Elizabeth Cady Stanton. Declaration of Sentiments. Women's History Month
Like legislators of today, when a proposed Bill doesn't go far enough or sometimes goes too far, Elizabeth Cady Stanton recognized the egregious omission of Women from the 15th Amendment that formally granted the Right to Vote to Freed MEN.
A fervent Abolishionist with a family background in law, she attended an Anti-Slavery convention in London with her husband, Henry Stanton & was mortified at the lack of women.
"A well-educated woman, Stanton married abolitionist lecturer Henry Stanton in 1840. She, too, became active in the anti-slavery movement and worked alongside leading abolitionists of the day including Sarah and Angelina Grimke and William Lloyd Garrison, all guests at the Stanton home while they lived in Albany, New York and later Boston.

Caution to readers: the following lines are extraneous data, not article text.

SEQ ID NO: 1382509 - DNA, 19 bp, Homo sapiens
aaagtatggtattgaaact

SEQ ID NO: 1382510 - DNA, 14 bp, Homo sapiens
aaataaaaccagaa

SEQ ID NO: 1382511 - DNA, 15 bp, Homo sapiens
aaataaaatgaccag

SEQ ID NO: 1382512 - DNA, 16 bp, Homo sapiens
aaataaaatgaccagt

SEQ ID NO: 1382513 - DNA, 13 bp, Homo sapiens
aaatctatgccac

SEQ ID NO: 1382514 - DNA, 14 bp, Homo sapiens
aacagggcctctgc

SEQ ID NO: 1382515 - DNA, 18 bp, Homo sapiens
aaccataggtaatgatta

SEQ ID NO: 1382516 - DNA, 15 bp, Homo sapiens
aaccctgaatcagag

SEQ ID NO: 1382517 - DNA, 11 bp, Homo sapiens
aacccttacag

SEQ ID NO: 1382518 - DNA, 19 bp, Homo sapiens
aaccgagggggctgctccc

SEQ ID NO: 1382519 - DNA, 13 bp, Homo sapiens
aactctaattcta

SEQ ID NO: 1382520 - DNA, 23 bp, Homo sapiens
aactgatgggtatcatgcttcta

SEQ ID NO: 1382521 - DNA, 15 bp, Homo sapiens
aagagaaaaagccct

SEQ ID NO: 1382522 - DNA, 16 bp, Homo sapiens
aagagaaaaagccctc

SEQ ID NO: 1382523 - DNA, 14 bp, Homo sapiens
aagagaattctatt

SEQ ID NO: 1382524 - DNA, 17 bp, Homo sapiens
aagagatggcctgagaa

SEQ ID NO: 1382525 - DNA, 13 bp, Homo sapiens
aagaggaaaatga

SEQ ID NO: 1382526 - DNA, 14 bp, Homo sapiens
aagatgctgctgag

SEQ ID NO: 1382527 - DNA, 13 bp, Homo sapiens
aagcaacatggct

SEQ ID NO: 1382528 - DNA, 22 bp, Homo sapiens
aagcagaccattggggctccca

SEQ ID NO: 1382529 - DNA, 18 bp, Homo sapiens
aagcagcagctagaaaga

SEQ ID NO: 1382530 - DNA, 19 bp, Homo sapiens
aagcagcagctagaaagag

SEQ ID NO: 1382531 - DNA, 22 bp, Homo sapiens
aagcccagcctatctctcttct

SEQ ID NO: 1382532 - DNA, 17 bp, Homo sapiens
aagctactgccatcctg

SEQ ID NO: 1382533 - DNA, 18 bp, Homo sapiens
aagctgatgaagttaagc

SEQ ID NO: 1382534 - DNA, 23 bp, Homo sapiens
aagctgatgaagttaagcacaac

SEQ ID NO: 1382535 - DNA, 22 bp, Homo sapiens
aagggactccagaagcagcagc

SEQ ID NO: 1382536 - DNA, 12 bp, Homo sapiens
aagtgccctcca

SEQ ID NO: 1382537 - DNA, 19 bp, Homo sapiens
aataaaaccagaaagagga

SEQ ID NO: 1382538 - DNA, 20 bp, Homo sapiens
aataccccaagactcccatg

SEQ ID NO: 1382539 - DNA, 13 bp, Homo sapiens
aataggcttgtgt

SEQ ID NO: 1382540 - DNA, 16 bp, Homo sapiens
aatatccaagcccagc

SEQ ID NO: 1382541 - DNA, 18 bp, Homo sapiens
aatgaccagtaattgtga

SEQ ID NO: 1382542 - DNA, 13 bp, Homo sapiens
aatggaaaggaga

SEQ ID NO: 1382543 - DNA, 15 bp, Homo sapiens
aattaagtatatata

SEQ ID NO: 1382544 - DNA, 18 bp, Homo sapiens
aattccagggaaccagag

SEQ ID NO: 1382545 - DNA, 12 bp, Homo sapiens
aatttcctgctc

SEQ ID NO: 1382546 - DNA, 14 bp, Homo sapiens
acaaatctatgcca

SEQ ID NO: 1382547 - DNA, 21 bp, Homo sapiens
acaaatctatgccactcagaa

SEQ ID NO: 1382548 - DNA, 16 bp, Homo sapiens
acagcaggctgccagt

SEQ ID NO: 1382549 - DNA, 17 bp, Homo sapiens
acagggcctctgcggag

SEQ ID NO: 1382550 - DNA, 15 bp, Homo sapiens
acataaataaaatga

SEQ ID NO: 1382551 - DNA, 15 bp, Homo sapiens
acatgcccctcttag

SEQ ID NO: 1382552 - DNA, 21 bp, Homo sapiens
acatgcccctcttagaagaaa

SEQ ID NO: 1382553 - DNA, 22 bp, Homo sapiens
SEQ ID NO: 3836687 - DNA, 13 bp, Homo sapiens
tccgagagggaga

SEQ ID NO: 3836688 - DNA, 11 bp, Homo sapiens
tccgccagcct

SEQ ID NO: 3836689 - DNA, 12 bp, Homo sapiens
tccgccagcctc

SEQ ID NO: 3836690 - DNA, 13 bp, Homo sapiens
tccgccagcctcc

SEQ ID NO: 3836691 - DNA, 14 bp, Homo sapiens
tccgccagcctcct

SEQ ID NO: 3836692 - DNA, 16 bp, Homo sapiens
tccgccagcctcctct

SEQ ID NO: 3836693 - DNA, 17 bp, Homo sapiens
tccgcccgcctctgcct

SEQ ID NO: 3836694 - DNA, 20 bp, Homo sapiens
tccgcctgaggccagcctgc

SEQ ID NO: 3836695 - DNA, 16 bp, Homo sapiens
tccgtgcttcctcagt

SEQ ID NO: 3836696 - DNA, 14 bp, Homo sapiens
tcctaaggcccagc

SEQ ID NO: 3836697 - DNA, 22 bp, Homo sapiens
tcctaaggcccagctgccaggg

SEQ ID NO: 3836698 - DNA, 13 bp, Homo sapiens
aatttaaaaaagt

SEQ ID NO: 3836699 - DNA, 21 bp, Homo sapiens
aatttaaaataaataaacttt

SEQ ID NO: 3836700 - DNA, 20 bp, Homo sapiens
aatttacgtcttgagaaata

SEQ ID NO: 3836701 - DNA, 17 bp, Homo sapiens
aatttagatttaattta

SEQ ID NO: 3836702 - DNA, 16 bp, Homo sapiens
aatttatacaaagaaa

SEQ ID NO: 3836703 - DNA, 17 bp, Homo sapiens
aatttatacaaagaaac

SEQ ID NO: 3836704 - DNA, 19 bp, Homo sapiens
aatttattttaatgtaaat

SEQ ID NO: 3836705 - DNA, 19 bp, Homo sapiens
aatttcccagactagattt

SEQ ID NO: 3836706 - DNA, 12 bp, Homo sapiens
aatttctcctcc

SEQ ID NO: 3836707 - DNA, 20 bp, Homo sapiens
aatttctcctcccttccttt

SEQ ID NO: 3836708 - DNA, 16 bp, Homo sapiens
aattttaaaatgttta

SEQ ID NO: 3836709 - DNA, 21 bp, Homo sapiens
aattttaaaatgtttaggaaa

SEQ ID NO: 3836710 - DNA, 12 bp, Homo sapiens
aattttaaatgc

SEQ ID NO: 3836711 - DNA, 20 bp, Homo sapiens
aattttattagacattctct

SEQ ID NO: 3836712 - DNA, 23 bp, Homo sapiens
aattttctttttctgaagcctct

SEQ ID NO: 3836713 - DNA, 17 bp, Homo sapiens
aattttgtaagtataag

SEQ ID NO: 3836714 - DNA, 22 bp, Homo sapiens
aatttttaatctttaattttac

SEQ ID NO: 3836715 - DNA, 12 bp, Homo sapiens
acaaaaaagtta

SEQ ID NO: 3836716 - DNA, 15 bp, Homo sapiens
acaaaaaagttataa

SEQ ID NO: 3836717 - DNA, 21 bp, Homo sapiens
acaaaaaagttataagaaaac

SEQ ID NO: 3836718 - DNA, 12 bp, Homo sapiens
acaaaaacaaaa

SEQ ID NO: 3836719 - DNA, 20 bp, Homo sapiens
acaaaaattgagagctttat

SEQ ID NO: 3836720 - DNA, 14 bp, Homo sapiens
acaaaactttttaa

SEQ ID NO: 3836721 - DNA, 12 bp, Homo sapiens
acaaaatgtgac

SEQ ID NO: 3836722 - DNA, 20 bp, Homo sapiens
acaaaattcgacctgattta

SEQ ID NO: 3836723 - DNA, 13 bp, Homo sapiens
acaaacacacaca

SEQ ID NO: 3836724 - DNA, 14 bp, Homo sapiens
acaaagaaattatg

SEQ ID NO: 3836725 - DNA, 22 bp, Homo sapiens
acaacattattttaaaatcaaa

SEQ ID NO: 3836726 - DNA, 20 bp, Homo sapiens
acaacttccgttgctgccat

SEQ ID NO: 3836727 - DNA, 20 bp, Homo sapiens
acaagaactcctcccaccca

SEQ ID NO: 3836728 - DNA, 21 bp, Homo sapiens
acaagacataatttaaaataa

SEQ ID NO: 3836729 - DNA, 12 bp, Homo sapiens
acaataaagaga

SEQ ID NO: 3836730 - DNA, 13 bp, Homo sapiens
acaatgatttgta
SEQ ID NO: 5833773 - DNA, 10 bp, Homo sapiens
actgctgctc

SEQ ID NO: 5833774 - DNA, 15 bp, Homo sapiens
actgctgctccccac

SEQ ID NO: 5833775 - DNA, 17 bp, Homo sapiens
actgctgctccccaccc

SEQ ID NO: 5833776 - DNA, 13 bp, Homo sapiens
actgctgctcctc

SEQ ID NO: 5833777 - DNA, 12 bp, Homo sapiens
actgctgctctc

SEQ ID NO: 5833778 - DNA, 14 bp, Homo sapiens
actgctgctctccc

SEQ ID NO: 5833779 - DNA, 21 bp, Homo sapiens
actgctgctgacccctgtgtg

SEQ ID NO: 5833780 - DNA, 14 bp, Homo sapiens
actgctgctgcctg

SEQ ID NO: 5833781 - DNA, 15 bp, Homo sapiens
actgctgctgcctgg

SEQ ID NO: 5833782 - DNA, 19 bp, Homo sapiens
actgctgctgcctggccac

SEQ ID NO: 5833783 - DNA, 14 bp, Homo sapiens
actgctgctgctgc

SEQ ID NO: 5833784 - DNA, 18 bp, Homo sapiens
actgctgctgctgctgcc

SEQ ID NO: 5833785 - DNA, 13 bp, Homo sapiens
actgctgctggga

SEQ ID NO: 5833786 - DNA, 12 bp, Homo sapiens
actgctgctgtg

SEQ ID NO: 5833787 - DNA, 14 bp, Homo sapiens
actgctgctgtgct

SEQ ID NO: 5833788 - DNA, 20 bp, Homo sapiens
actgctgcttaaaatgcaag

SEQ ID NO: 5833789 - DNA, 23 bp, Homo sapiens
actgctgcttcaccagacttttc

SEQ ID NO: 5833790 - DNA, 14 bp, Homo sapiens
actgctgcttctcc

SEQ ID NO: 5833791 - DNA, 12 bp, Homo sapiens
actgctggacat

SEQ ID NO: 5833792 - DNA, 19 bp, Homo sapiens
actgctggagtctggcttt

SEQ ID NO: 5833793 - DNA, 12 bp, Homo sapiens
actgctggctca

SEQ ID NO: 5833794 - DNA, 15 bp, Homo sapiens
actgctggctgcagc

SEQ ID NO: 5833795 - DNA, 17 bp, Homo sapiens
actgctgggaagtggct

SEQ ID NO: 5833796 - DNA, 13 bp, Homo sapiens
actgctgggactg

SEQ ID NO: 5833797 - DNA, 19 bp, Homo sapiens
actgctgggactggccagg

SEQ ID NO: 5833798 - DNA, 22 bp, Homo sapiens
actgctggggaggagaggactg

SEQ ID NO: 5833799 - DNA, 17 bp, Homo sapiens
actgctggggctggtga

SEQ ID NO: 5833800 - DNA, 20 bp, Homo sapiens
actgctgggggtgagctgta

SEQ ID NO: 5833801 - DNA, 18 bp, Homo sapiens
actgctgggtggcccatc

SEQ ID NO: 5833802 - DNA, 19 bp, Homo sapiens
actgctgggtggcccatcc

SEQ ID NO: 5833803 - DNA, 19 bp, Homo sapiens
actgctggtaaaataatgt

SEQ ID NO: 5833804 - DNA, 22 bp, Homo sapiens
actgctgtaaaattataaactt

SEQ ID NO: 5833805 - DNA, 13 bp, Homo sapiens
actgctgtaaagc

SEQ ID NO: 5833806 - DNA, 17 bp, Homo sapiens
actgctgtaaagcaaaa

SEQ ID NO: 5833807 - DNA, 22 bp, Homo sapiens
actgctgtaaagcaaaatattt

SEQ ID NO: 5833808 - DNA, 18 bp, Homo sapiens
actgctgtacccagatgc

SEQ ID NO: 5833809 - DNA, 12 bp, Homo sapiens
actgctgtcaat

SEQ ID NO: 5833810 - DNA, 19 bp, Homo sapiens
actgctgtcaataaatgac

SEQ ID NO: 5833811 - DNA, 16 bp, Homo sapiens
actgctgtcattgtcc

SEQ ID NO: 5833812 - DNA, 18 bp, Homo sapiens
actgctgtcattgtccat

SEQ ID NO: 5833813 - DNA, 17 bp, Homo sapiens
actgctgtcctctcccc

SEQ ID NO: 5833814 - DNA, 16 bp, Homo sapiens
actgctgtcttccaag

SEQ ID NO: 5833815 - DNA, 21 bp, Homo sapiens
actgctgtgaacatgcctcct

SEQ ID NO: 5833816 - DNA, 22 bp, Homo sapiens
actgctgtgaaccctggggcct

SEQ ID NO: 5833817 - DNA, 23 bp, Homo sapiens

While on her honeymoon in London to attend a World’s Anti-Slavery convention, Stanton met abolitionist Lucretia Mott, who, like her, was also angry about the exclusion of women at the proceedings. Mott and Stanton, now fast friends, vowed to call a woman’s rights convention when they returned home. Eight years later, in 1848, Stanton and Mott held the first Woman’s Rights convention at Seneca Falls, New York. Stanton authored, “The Declaration of Sentiments,” which expanded on the Declaration of Independence by adding the word “woman” or “women” throughout. This pivotal document called for social and legal changes to elevate women’s place in society and listed 18 grievances from the inability to control their wages and property or the difficulty in gaining custody in divorce to the lack of the right to vote. That same year, Stanton circulated petitions throughout New York to urge the New York Congress to pass the New York Married Women’s Property Act."